(NEW YORK) — Davis and Glen Griffin of Houston, Texas, say having a live-in au pair to care for their three children has been a lifesaver.
“We would not have survived the pandemic if it hadn’t been for our amazing au pair from Sweden,” Davis Griffin tells ABC News, “and now we are on our fifth au pair, who is from Germany.”
The Griffins both work full-time jobs outside of the home and hired their first au pair in 2016, when their children were 6, 4 and a year old. “We’re really excited to invite someone into our family that could help teach their language and culture to our kids. These women truly become part of our family,” Griffin said.
Launched by the U.S. State Department in 1986 as a cultural exchange visa program, au pairs have become an affordable child care option for tens of thousands of U.S. families.
To qualify for the program, foreigners ages 18-26 must meet U.S. federal requirements, including age and education. They agree to live with American families for up to two years, caring for children in exchange for room and board, transportation and educational expenses. As of 2023, the State Department said there were about 29,000 au pairs living in the U.S.
At an average cost of $25,000 a year, regardless of how many children a family has, au pairs can be more affordable than most full-time nannies or day care, according to CulturalCare.com. While au pair child care is an affordable option, families often pay up front for the service, which can include thousands of dollars to cover registration and visa fees, interviews, background checks and travel from the au pair’s home country to the United States. The fees are in addition to the stipend after the au pair is approved and arrives at the host residence.
After having their third child, Griffin said she and her husband ran the numbers and determined the au pair program offered them the best value for their money. “Overall, for the amount of flexibility and care, it’s less than having a nanny,” Griffin said.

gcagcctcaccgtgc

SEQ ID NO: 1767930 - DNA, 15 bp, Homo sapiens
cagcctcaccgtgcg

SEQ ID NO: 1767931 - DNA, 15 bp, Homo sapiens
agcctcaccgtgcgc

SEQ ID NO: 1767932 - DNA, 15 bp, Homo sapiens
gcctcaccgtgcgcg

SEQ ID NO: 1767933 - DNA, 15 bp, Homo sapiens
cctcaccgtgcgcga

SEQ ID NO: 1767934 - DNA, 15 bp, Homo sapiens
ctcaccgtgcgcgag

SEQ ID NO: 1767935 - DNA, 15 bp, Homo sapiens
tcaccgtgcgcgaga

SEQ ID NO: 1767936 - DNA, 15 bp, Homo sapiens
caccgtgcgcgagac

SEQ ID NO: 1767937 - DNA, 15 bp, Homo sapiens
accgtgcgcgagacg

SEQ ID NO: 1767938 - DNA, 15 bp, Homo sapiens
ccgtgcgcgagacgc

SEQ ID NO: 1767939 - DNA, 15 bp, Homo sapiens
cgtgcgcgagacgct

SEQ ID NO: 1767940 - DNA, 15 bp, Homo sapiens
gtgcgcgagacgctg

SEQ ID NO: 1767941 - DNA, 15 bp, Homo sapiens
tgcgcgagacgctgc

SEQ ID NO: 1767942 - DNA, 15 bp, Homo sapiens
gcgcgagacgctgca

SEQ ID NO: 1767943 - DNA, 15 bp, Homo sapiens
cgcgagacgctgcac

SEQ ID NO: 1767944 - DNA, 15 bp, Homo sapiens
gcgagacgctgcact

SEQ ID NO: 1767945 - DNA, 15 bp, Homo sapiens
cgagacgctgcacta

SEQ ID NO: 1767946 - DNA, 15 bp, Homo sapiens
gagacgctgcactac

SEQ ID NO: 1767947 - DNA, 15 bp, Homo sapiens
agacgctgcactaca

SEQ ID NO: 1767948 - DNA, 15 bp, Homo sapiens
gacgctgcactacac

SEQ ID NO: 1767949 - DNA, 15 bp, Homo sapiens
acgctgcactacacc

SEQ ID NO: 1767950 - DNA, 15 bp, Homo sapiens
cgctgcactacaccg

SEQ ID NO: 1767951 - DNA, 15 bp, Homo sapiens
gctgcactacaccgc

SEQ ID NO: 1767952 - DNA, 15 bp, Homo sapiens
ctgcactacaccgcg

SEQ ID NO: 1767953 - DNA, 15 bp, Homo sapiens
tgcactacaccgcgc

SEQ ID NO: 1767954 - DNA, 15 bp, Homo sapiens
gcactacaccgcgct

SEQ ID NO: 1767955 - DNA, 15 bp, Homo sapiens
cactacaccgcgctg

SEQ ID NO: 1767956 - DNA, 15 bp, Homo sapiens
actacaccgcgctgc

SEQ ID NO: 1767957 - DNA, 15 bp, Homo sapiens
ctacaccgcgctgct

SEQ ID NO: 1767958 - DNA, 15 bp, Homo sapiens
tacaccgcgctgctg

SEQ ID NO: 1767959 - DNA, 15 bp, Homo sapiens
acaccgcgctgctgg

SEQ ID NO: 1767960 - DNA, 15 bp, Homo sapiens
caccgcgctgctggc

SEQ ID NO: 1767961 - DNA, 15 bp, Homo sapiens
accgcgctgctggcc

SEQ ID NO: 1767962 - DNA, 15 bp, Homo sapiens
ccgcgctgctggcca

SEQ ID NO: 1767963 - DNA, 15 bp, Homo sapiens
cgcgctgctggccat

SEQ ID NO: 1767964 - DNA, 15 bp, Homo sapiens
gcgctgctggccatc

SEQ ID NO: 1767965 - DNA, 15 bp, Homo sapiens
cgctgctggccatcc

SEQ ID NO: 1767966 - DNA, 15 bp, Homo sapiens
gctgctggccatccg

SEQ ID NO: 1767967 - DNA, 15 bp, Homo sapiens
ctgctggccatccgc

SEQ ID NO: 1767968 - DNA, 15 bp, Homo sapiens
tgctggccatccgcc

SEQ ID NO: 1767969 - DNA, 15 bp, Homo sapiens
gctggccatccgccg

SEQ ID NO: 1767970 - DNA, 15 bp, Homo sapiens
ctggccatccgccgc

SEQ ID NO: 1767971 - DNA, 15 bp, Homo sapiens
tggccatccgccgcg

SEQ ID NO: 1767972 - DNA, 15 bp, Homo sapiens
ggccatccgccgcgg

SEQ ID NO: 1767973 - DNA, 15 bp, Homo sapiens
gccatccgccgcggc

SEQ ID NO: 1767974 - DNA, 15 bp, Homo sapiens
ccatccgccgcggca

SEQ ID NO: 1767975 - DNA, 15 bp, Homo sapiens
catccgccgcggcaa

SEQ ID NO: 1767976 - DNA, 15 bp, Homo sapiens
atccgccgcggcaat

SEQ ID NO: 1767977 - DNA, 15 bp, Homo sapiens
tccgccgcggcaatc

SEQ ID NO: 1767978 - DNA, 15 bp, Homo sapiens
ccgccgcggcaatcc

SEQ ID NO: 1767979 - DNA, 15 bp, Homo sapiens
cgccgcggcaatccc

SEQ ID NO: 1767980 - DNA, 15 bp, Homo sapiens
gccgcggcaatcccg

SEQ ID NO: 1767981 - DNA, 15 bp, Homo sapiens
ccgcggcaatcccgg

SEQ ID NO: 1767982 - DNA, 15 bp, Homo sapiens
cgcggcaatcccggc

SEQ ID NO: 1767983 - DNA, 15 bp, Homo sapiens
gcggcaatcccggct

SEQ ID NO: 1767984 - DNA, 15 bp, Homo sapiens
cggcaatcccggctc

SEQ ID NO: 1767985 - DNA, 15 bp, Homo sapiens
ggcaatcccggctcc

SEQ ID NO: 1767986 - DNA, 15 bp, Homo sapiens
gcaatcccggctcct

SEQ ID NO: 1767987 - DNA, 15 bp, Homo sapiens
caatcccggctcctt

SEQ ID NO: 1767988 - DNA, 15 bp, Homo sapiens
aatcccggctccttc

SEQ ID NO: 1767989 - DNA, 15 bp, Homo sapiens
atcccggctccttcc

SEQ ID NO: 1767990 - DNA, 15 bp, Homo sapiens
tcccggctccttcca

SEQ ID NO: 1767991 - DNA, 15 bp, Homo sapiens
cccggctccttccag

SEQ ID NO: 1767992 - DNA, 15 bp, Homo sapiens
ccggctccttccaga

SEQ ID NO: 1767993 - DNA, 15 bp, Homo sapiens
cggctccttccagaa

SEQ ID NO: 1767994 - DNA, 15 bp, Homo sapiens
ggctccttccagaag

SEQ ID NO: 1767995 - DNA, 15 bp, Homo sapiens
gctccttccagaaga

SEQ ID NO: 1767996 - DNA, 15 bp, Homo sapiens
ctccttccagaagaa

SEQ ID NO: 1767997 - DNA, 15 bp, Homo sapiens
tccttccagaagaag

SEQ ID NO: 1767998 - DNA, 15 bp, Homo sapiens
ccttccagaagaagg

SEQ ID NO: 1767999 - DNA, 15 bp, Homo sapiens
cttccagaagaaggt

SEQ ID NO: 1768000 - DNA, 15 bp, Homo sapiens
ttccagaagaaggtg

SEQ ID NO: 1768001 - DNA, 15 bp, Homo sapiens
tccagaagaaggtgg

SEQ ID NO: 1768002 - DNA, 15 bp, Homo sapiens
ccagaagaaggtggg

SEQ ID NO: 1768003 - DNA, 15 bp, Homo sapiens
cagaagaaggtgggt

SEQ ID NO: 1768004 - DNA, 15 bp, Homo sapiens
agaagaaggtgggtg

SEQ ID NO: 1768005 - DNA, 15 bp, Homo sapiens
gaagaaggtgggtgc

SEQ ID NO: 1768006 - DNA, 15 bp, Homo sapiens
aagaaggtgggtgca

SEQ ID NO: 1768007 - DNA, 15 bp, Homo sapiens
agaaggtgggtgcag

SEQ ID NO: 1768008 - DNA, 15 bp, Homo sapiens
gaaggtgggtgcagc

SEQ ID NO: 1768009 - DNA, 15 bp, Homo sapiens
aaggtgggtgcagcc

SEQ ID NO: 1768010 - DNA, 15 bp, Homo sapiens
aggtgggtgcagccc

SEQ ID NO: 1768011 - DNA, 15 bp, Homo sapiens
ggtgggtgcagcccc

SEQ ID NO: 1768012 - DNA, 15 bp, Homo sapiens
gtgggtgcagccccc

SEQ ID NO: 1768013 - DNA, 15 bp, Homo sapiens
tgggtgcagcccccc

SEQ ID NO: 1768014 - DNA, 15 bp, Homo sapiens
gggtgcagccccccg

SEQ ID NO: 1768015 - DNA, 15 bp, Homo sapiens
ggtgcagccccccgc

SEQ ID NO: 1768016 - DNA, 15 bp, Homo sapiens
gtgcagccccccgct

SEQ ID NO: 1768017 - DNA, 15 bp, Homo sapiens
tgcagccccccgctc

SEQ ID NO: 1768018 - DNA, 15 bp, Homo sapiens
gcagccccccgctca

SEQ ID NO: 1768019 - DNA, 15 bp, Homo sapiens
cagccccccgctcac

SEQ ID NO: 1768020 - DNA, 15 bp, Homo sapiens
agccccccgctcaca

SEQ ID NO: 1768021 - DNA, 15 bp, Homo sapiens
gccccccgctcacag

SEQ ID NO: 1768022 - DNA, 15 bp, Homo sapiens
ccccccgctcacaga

Experts say the biggest misconception about the au pair program is that it is only for the ultra-rich. “It’s really not,” explained Alex Nowrasteh, vice president for economic and social policy studies at the Cato Institute. “A lot of middle-class families in the United States hire au pairs.”
But a Biden administration proposal meant to “update and modernize” the program, could price out up to 70% of families who hire au pairs, according to the Alliance for International Exchange.
“It could be devastating for the working families that currently rely on the au pair program for flexible child care, and it will force some of those families into the already overcrowded day care market,” said Nowrasteh.
Experts say the program attracts working families from various industries, but is particularly appealing to those that require a lot of flexibility in their schedule such as teachers, medical professionals and military families. “To have these families no longer be able to afford the program would be such a difficult situation, particularly at a time when we’re really facing an unprecedented child care crisis,” Natalie Jordan, senior vice president of Cultural Care Au Pair, the largest U.S. au pair agency, told ABC News.